SEC Football: Why SEC All-Conference Team Could Beat the Best of the Rest
The SEC owns the last six national championships and is about to play for its seventh as Alabama takes on Notre Dame. SEC fans claim that their teams and players can take on the best that everyone else can throw at them.
So, what if college football had an interesting All-Star game in which the All-SEC team took on the remaining All-Americans? How well would the SEC hold up?
Actually, quite well. The SEC doesn't have a monopoly on talent, but there just seems to be more in this one conference than in the rest of the country.
So, why might the All-SEC team beat the best of the rest? Read on.
An Elite Offensive Line
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In the SEC, they know that winning in the trenches is the key to winning games and championships.
Three of the first-team AP All-American linemen come from the SEC: G Chance Warmack and C Barrett Jones from Alabama and T Luke Joeckel of Texas A&M. Warmack and Jones both have national championship experience to boot.
And then when you add Gabe Johnson of Mississippi State and Jake Matthews of Texas A&M as well, you have a line that would give any defense, even an All-American one, fits.
A Heisman-Winning Quarterback
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How could you go wrong with a quarterback who's nickname is "Johnny Football?"
Although he's a redshirt freshman, Johnny Manziel excels at beating teams with both his feet and his arm. A lot of people think of Tim Tebow, but I've seen Manziel make throws while on the run that Tebow wouldn't even dream of.
He's almost unstoppable as it is, but but him behind an All-SEC offensive line and with a stable of All-SEC running backs and you would need a NFL defense, and probably one of the better ones, to stop Johnny Football.
A Stable of Crushing Running Backs
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The "best of the rest" would have a bit of an advantage in their own way with the likes of Wisconsin's Montee Ball and Oregon's Kenjon Barner, but the SEC has a set of bruising backs that would make any defense think twice about tackling them.
Todd Gurley of Georgia has been a revelation for the Bulldogs this season, while Mike Gillislee of Florida has carried much of the Gators offense to a one-loss season.
And look at the second team. With backs like Alabama's Eddie Lacy and Vanderbilt's Zac Stacy, this team would be able to run the ball down just about anybody's throat.
True, they might not be as flashy as an offense led by the likes of Oregon's Barner, but this set will wear down any set of defensive linemen and linebackers over the length of the game.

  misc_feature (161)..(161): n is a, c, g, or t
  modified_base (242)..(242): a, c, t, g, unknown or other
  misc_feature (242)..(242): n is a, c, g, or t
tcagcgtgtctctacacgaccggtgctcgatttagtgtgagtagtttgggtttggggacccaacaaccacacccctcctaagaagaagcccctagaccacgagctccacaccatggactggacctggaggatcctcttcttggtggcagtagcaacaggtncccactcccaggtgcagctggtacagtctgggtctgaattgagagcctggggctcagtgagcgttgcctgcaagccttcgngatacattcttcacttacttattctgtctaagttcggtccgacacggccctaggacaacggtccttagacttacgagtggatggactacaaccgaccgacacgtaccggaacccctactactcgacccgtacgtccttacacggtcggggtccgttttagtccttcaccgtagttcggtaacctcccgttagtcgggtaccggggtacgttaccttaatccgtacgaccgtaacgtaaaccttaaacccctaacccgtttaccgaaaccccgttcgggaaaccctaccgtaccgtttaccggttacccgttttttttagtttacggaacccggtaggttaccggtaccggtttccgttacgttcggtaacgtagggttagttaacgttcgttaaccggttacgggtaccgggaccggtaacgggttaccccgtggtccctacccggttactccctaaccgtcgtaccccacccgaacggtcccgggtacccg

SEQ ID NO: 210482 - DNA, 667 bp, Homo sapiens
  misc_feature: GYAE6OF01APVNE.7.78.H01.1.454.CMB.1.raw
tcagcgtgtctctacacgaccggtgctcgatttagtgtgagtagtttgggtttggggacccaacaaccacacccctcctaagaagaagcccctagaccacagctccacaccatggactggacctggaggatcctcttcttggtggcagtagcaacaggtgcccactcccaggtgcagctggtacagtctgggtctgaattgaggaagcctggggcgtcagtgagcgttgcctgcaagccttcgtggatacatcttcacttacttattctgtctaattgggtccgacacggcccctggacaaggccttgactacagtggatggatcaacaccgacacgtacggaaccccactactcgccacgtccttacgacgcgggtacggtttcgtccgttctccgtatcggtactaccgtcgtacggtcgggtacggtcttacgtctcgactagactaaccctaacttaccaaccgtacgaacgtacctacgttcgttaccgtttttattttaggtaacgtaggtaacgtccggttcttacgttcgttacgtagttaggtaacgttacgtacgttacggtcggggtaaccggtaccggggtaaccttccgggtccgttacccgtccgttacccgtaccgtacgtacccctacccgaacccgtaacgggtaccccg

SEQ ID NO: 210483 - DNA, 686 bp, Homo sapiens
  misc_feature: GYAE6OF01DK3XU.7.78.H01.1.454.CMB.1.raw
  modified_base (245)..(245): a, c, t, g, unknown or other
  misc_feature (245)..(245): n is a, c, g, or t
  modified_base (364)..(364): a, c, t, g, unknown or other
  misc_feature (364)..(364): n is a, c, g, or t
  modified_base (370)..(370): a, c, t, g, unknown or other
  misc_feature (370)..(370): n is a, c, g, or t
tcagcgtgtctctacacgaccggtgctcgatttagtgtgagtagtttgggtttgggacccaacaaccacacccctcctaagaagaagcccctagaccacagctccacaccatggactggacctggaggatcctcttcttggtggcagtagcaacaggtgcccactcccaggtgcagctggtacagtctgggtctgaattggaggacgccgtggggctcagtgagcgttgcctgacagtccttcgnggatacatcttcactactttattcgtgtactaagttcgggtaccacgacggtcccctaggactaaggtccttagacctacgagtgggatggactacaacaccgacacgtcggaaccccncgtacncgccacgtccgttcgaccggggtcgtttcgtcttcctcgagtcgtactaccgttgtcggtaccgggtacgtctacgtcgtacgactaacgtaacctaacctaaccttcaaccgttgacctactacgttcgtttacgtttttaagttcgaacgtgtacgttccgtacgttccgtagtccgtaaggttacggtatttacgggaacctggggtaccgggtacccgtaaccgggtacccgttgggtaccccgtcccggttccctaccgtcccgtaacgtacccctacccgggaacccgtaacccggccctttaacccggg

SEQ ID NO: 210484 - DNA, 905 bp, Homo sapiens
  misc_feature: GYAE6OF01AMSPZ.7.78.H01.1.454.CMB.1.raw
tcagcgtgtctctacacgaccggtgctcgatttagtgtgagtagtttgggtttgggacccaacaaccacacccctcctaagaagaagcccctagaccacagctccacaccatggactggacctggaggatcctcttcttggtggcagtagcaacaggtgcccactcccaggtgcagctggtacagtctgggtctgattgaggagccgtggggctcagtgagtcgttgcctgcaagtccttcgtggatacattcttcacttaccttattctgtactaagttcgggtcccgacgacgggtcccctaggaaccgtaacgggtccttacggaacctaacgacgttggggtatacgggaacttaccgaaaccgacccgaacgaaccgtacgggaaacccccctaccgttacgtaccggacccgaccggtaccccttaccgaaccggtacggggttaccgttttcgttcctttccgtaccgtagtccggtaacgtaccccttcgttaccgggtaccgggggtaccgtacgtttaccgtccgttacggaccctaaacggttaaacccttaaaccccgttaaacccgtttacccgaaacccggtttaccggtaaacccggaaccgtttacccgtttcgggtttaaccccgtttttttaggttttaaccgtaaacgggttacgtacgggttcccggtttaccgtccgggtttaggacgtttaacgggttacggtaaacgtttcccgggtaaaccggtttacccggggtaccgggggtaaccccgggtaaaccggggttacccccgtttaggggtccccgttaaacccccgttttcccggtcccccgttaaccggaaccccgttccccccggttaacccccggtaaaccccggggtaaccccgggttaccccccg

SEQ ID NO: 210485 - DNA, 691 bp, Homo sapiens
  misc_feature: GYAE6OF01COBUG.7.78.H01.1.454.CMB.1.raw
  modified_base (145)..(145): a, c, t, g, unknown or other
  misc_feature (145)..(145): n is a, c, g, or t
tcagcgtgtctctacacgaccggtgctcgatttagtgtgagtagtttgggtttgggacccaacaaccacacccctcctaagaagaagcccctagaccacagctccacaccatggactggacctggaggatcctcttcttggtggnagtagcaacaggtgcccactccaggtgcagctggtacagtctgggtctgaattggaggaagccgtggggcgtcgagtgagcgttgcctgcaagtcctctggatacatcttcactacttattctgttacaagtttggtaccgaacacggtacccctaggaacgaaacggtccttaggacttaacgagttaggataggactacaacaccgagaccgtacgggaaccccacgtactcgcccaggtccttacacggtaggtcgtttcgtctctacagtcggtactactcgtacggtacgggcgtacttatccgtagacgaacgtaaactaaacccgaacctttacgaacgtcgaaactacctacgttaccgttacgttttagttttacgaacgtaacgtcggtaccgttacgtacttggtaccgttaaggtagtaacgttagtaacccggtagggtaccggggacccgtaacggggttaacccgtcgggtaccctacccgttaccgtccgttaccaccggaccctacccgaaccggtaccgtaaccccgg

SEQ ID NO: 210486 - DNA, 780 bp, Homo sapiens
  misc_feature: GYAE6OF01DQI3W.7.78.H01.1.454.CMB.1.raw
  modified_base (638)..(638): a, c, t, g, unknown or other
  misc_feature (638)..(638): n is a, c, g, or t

An Amazing Defensive End
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The SEC has only one first team All-American defensive lineman, but this one is quite a beast.
Jadeveon Clowney is one of the most disruptive defenders in the country with 13 sacks on the year. The way he sheds blocks and gets into the backfield is something to behold.
Too bad the rest of the country doesn't have some of those All-SEC offensive linemen to protect their quarterbacks from Clowney.
A Dominant Linebacker Corps
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The SEC may not boast the best linebacker in the country as Notre Dame's Manti Te'o claims that distinction. However, two of the three first-team All-American linebackers, namely Georgia's Jarvis Jones and Alabama's C.J. Mosley, play for the SEC.
Between Jarvis Jones' pass rush and Mosley's overall defensive prowess, even the likes of Kansas State's Collin Klein would have a hard time moving the ball.
A Solid Secondary
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The SEC claimed two AP first-team All-Americans in CB Dee Milliner from Alabama and Florida's Matt Elam. Milliner's instincts are phenomenal in anticipating the cut of receivers. Elam's toughness was manifested as he striped the ball from LSU's Odell Beckham and turned the tide of that game.
And don't forget about Mississippi State's Johnthan Banks who was the heart and soul of a decent Bulldog season. Throwing the ball against an All-SEC secondary would be a tall order indeed.
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There's no doubt in my mind that if the All-SEC team faced the all-everybody else team that Alabama's Nick Saban would be tapped to coach this team.
And why not? Saban is on the verge of his second national title in a row as well as his third in the past four years.
Nobody coaching today has a resume that can match Saban's, and he is still at the top of his game.